# groupadd -g 501 oinstall
# groupadd -g 502 dba
#groupadd -g 503 oper

Create user "oracle"

#useradd -m -u 501 -g oinstall -G dba,oper -d /home/oracle -s /bin/bash -c "Oracle Software Owner" oracle

Verify the created user:

# id oracle

Set the password for the oracle account:

# passwd oracle

Verify That the User "nobody" exists (If you have installed the suggested Linux version you may skip this check)

1. To determine if the user exists, enter the following command:

# id nobody

2. If the user nobody does not exist (English is an interesting language if you think of that), then enter the following command to create it:

# useradd nobody

Create the Oracle Base Directory

Let’s take a look at our internal disk on odbn1 machine, there are two ways to produce the report (not all UNIX flavors support -H option):

So we have 33GB of space to work with, 2.7GB is occupied by Linux itself and its swap.

The next step is to create a new directory that will be used to store the Oracle Database software. This location is later referred to by $ORACLE_BASE environment variable.

# mkdir -p /u01/app/oracle

The "-p" option tell the mkdir command to create the whole chain of directories at once.

After the directory is created, we specify the correct owner and group (why? because we work as "root" user and newly created objects will have root’s properties):

# chown oracle:oinstall /u01/app/oracle

And now permissions:

# chmod 775 /u01/app/oracle

Create the Oracle Clusterware Home Directory

This location is later referred to by $ORA_CRS_HOME environment variable.

# mkdir -p /u01/app/crs
# chown oracle:oinstall /u01/app/crs
# chmod 775 /u01/app/crs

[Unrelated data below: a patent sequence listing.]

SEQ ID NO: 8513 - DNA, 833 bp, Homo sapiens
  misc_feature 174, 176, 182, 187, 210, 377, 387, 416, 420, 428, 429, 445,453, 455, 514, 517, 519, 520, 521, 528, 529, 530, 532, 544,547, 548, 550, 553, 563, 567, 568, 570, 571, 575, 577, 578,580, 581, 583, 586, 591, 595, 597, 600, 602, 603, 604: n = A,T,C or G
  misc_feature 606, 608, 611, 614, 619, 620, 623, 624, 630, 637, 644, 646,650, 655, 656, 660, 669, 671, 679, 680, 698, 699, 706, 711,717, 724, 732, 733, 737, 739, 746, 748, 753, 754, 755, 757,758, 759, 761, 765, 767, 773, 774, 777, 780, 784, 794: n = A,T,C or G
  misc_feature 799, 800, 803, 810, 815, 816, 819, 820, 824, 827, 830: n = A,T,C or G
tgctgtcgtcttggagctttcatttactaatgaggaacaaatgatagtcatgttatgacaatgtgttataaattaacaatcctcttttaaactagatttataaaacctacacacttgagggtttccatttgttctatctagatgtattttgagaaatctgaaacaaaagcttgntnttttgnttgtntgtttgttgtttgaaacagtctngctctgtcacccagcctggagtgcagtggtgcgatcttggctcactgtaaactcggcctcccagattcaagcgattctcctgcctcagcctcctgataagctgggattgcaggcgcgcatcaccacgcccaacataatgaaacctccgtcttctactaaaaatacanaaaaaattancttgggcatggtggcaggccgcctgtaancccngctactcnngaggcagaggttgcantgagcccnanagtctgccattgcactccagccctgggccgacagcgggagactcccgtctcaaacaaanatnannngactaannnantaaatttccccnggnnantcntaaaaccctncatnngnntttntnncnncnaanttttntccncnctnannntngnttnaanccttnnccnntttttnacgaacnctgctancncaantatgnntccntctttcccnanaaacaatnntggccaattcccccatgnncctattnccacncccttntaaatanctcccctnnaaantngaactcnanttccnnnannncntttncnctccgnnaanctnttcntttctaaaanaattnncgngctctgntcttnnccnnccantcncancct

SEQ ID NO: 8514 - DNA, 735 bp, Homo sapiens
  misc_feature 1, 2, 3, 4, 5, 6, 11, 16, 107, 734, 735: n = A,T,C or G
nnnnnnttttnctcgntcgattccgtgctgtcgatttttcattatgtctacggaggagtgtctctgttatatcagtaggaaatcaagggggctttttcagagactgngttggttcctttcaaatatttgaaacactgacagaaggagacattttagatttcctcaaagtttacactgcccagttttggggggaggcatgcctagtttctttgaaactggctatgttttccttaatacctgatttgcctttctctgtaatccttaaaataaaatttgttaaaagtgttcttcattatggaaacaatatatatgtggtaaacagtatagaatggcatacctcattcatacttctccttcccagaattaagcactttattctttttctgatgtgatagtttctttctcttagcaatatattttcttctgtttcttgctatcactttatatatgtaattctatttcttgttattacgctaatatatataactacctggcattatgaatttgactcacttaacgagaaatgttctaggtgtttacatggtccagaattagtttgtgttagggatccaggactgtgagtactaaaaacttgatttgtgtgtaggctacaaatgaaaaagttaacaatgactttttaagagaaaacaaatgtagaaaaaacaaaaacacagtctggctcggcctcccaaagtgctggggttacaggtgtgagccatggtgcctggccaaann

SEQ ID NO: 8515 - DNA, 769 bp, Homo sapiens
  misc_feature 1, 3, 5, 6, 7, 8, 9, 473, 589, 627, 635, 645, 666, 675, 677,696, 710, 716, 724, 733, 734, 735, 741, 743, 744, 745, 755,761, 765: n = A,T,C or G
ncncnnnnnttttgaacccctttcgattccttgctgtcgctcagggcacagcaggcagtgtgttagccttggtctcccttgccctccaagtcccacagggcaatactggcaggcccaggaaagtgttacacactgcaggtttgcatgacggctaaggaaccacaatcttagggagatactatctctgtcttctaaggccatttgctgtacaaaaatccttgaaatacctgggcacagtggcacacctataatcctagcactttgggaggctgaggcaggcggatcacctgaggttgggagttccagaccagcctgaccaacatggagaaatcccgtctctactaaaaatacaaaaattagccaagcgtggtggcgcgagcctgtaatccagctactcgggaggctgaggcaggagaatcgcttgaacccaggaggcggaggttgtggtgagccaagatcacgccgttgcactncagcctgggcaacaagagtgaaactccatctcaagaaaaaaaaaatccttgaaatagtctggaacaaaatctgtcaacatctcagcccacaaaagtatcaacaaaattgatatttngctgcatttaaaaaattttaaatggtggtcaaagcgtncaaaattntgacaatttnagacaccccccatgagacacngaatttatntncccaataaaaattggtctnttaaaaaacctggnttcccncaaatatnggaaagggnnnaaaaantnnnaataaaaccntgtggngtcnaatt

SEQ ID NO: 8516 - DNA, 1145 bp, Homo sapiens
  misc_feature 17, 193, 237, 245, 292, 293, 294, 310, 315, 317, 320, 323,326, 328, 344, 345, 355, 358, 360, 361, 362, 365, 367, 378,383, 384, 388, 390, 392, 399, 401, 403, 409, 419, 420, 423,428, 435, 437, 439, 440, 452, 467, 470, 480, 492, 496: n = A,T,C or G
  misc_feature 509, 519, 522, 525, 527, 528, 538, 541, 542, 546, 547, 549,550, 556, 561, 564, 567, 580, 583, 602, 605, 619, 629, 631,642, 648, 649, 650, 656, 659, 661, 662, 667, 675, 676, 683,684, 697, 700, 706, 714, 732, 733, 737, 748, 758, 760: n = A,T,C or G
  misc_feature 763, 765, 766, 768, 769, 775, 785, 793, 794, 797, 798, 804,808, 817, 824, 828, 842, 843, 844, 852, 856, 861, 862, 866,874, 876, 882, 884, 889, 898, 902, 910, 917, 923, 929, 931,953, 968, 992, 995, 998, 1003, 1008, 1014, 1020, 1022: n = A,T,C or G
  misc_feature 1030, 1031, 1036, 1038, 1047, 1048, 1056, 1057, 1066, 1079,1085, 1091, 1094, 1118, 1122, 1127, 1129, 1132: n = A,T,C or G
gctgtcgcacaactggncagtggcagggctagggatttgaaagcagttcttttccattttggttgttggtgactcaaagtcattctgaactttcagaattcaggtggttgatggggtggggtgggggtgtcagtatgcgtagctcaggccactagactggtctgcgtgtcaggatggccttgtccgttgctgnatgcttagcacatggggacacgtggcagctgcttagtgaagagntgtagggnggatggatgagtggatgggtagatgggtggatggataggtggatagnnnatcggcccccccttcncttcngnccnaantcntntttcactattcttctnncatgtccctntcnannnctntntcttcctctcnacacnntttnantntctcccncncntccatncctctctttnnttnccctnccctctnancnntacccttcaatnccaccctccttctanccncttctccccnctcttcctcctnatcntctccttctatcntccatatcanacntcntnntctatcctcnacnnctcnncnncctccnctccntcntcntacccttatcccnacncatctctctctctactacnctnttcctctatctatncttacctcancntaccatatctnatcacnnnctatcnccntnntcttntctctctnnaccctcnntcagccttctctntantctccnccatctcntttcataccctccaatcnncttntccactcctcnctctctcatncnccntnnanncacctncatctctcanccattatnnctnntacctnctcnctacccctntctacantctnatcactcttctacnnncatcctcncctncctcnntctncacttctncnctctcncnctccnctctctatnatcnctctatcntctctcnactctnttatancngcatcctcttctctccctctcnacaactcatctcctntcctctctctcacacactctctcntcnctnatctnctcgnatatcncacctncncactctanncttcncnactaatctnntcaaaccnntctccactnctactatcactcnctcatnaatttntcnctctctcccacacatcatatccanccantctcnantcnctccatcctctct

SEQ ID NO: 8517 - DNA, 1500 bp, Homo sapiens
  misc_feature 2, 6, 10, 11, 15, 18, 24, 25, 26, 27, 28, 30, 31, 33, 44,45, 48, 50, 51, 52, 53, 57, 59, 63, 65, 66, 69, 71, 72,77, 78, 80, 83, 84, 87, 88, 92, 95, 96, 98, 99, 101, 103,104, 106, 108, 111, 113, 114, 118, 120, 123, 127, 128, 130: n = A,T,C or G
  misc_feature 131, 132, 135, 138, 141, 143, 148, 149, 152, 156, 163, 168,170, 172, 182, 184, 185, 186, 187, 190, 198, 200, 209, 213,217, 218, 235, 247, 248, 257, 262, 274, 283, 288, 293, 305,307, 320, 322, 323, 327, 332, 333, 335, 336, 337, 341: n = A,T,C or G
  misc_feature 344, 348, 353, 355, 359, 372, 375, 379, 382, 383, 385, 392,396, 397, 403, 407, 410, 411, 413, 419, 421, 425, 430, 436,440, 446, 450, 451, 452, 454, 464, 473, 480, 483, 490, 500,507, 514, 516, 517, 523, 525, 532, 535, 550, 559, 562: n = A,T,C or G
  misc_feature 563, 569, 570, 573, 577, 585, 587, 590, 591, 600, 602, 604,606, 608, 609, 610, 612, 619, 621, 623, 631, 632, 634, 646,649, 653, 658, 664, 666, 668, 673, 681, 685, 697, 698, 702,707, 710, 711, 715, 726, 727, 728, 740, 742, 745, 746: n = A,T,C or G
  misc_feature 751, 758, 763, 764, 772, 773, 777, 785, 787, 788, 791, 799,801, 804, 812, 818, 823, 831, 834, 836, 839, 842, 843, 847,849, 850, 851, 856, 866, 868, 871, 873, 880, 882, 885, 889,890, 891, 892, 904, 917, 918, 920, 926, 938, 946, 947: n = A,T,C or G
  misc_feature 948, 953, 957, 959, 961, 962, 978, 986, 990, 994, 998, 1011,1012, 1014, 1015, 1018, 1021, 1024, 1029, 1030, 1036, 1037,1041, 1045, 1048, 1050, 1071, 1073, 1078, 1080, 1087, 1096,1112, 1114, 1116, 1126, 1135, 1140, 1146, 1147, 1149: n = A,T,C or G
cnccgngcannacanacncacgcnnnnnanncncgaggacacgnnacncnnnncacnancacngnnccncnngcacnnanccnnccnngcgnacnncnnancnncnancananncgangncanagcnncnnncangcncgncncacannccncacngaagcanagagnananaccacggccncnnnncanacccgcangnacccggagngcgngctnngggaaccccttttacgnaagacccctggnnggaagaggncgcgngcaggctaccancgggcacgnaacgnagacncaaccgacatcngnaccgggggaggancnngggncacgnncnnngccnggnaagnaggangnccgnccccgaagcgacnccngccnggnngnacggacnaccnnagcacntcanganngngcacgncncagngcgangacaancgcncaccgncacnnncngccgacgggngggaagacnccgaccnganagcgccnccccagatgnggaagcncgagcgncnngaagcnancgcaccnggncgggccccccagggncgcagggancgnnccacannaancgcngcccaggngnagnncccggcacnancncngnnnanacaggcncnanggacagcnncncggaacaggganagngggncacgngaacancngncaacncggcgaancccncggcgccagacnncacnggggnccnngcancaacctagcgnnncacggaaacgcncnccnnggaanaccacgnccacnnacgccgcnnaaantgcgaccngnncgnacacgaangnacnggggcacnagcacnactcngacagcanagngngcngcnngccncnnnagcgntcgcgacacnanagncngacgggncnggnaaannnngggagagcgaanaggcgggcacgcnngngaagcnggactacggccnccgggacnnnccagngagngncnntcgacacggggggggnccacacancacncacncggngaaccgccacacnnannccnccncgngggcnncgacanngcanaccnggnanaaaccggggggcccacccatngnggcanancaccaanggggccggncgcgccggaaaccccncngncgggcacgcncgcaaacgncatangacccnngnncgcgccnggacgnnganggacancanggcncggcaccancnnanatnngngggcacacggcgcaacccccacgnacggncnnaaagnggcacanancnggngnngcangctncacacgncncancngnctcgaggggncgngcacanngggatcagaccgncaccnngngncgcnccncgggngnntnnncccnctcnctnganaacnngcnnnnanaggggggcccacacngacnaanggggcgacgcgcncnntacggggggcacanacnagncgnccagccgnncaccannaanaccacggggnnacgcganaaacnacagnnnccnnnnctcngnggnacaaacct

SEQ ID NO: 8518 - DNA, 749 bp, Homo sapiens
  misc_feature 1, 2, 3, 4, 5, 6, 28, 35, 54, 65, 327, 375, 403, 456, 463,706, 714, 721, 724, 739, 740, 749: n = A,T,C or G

Create Mount Point for OCFS2 / Clusterware

# mkdir /u02
# chown oracle:oinstall /u02
# chmod 775 /u02

Create Login Script for oracle User Account

Login as user "oracle" and create the following .bash_profile:

Note: After we clone our first node into other nodes we will have to change a number of things in each of them. One of such changes is to make sure that each RAC node has a unique Oracle SID (defined in the user’s profile).

# su – oracle

Use some editor to create (or rather edit, since in OEL5 it is already there) the following profile:

.bash_profile for "oracle" User Account
# .bash_profile

# Get the aliases and functions
if [ -f ~/.bashrc ]; then
      . ~/.bashrc

export JAVA_HOME=/usr/local/java

# User specific environment and startup programs
export ORACLE_BASE=/u01/app/oracle
export ORACLE_HOME=$ORACLE_BASE/product/10.2.0/db_1
export ORA_CRS_HOME=/u01/app/crs
export ORACLE_PATH=$ORACLE_BASE/common/oracle/sql:.:$ORACLE_HOME/rdbms/admin
export CV_JDKHOME=/usr/local/java

# Each RAC node must have a unique ORACLE_SID. (i.e. racdb1, racdb2,...)
export ORACLE_SID=racdb1

export PATH=.:${JAVA_HOME}/bin:${PATH}:$HOME/bin:$ORACLE_HOME/bin
export PATH=${PATH}:/usr/bin:/bin:/usr/bin/X11:/usr/local/bin
export PATH=${PATH}:$ORACLE_BASE/common/oracle/bin
export ORACLE_TERM=xterm
export TNS_ADMIN=$ORACLE_HOME/network/admin